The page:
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Worksheets and No Prep Teaching Resources
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Matter
Crystals

Matter
Matter


Crystals
Print Crystals Reading Comprehension


Reading Level
     edHelper's suggested reading level:   grades 7 to 8
     Flesch-Kincaid grade level:   6.86

Vocabulary
     challenging words:    amethyst, troubleshooting, undisturbed, phantom, solution, billion, obsidian, supply, interesting, quartz, spectacular, exhibit, research, dissolve, fact, geometric
     content words:    Hope Diamond, Smithsonian Institution, Natural History

Other Languages
     Spanish: Los cristales


Crystals
By Sharon Fabian
  

1     Salt crystals are cubes. Snowflakes have six sides. A diamond has many sides. Minerals like these that have flat smooth sides are all called crystals. Crystals are made of molecules that are all the same shape, and are arranged in a neat pattern. This pattern gives crystals their beautiful geometric shapes. Some crystals can be cut and polished into sparkling jewelry. These crystals are called gemstones. Diamonds, emeralds, amethyst, and rubies are crystals. Some gemstones have colorful names that match the gem. There are green phantom quartz, rainbow obsidian, and Oregon jelly opal.
 
2     Gemstones form in the Earth over a long period of time. It took about a billion years to form the Hope Diamond, which you can now see in the Smithsonian Institution at the Museum of Natural History.
 
3     Other crystals form much quicker. In fact, you can grow crystals yourself using just a few everyday ingredients. You can grow crystals from sugar, salt, Epsom salts, or other chemical salts that you can buy at a chemistry supply or drug store.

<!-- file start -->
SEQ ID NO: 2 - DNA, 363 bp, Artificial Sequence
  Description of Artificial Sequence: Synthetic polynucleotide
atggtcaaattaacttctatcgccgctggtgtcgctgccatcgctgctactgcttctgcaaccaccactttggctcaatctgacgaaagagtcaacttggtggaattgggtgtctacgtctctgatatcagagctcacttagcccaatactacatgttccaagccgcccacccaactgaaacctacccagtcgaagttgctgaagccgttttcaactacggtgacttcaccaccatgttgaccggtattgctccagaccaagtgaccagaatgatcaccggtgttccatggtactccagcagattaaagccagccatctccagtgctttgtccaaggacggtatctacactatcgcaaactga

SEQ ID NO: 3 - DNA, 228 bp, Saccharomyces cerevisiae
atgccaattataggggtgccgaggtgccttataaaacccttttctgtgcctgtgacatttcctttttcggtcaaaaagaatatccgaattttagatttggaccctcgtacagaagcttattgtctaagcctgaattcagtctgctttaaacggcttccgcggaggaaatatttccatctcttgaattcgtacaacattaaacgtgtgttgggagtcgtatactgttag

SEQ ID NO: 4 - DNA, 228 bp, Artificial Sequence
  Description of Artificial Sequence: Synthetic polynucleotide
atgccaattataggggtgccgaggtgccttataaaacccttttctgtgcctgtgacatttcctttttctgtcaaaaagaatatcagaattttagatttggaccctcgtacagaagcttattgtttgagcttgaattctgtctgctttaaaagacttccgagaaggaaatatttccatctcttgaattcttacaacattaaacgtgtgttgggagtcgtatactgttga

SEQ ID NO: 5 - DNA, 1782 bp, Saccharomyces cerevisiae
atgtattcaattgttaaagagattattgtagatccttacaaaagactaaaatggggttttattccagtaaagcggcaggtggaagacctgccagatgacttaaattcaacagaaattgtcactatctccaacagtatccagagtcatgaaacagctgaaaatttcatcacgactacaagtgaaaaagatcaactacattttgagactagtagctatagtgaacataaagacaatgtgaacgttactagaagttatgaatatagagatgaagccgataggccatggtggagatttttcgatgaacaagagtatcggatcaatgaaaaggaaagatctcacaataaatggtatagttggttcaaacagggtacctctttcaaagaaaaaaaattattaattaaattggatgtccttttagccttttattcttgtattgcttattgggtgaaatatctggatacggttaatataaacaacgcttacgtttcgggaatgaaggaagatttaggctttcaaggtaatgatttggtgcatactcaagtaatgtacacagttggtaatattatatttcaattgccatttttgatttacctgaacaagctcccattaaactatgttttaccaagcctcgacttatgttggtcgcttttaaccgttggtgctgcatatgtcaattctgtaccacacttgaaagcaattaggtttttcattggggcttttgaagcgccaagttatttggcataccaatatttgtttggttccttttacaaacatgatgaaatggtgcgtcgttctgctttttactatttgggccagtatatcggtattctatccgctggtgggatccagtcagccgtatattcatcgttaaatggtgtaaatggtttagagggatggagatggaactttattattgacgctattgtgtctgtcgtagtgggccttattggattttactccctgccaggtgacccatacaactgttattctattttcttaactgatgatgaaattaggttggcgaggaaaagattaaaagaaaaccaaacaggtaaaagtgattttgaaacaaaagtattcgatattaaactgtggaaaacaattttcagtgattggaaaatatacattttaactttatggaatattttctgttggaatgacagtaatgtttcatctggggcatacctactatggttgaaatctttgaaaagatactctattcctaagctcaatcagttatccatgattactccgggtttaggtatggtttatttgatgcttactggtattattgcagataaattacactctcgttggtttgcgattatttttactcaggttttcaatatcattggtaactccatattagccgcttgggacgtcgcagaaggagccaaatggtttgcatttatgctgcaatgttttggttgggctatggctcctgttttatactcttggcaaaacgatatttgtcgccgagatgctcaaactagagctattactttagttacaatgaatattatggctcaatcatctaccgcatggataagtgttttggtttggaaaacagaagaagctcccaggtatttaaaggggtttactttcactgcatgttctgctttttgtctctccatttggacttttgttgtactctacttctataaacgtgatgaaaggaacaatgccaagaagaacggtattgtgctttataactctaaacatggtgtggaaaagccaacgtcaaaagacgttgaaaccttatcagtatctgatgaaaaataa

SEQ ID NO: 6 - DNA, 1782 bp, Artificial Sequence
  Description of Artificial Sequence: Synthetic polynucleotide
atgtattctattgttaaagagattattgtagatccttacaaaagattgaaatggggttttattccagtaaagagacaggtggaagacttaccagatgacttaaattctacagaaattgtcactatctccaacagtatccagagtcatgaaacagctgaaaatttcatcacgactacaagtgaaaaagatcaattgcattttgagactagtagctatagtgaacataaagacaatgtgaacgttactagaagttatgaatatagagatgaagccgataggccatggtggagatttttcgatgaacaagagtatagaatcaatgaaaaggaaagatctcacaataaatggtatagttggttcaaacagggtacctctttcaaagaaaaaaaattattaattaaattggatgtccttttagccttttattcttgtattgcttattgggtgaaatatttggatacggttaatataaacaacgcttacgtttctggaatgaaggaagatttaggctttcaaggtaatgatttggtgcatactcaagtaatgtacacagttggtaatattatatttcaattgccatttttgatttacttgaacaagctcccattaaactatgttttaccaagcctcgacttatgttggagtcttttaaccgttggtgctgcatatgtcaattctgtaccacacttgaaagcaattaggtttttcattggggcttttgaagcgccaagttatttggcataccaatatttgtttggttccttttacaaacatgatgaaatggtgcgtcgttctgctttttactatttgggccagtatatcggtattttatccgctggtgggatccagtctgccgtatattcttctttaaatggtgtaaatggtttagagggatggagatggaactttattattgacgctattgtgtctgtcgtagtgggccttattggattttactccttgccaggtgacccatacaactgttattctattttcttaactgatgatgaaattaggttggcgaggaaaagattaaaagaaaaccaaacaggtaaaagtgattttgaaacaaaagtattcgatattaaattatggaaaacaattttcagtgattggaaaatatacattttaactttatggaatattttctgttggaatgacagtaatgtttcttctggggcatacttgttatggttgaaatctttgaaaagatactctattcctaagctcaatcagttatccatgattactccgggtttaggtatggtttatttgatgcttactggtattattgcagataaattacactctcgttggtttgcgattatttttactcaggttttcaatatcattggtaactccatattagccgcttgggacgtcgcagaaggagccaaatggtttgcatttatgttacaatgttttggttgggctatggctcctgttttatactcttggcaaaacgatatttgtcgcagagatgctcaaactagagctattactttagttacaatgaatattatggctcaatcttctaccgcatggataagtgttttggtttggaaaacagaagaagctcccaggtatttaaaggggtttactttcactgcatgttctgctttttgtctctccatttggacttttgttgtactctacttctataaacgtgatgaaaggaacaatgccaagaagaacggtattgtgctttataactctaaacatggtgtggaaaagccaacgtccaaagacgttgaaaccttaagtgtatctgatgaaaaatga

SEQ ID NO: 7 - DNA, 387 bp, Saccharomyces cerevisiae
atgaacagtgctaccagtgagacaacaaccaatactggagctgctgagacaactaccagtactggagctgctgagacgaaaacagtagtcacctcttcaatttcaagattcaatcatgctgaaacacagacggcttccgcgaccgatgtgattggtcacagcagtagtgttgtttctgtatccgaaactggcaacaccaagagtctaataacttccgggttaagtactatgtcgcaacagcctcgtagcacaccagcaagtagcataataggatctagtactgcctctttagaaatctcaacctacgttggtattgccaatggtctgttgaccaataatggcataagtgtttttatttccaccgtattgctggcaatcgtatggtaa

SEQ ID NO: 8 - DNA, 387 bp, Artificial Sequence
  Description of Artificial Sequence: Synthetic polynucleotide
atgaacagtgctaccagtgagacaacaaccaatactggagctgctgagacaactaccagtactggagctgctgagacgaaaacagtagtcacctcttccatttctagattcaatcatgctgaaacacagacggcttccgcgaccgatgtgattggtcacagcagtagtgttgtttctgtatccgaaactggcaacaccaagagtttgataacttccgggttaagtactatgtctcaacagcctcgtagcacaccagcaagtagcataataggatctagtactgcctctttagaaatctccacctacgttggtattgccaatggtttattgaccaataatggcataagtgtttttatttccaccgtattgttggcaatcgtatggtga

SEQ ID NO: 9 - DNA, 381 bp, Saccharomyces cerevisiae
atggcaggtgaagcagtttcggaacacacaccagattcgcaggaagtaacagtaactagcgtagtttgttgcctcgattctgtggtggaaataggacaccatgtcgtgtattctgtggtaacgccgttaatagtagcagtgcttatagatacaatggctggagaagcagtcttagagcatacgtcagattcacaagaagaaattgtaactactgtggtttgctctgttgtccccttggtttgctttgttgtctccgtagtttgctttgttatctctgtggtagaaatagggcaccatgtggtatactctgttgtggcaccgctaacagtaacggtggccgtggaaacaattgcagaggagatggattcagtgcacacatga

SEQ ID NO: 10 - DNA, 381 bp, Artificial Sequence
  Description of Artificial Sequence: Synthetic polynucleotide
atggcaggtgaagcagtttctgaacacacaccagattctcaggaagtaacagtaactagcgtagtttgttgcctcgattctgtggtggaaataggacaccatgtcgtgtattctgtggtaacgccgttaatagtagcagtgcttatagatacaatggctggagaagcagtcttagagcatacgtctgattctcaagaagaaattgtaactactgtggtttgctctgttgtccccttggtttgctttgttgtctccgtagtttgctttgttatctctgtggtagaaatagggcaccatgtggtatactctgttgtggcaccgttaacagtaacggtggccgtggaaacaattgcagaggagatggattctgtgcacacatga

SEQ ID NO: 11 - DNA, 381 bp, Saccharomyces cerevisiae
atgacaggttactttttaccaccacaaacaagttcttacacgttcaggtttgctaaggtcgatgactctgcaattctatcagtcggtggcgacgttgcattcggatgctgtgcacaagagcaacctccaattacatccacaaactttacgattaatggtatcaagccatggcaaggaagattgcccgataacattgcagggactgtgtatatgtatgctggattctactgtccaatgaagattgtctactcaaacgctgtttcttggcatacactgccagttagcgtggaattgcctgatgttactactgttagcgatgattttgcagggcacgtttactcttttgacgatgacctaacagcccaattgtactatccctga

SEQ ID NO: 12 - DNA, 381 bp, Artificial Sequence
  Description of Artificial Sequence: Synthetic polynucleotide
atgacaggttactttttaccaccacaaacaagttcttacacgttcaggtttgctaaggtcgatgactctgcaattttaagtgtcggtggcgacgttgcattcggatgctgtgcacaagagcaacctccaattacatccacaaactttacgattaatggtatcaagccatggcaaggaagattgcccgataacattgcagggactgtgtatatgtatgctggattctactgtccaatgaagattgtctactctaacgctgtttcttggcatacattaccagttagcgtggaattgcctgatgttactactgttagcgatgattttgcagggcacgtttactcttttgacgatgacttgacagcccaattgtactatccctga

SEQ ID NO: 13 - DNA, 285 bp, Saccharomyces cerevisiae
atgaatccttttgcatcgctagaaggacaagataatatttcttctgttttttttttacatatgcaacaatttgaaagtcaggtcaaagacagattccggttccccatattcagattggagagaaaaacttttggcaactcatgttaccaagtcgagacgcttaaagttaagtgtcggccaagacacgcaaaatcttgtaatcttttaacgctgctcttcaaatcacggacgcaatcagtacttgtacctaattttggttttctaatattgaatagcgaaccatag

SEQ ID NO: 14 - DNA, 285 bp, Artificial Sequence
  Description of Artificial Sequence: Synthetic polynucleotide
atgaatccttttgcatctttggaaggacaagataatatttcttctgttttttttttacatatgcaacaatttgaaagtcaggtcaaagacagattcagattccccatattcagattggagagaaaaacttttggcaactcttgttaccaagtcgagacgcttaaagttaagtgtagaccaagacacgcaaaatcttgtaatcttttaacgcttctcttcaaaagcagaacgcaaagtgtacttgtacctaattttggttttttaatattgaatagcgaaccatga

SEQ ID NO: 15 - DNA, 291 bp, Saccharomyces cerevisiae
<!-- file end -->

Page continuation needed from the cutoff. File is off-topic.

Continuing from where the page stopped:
4     To start, you will need a saturated solution. Mix the Epsom salt, or whatever, in hot water until the water has dissolved all that it can dissolve. This is called a saturated solution.
 
5     Next, you will need a place where the crystals can grow undisturbed. A glass jar with a large opening at the top will work fine. The crystals will also need something to attach to, so you can put a rock in the jar, or hang a piece of string into the middle of the jar. You can hang the string from a pencil that you lay across the top of the jar. Once your saturated solution has cooled, pour it into the jar, and set the jar someplace where it will not be bumped for a long time.

Paragraphs 6 to 11:
For the complete story with questions: click here for printable



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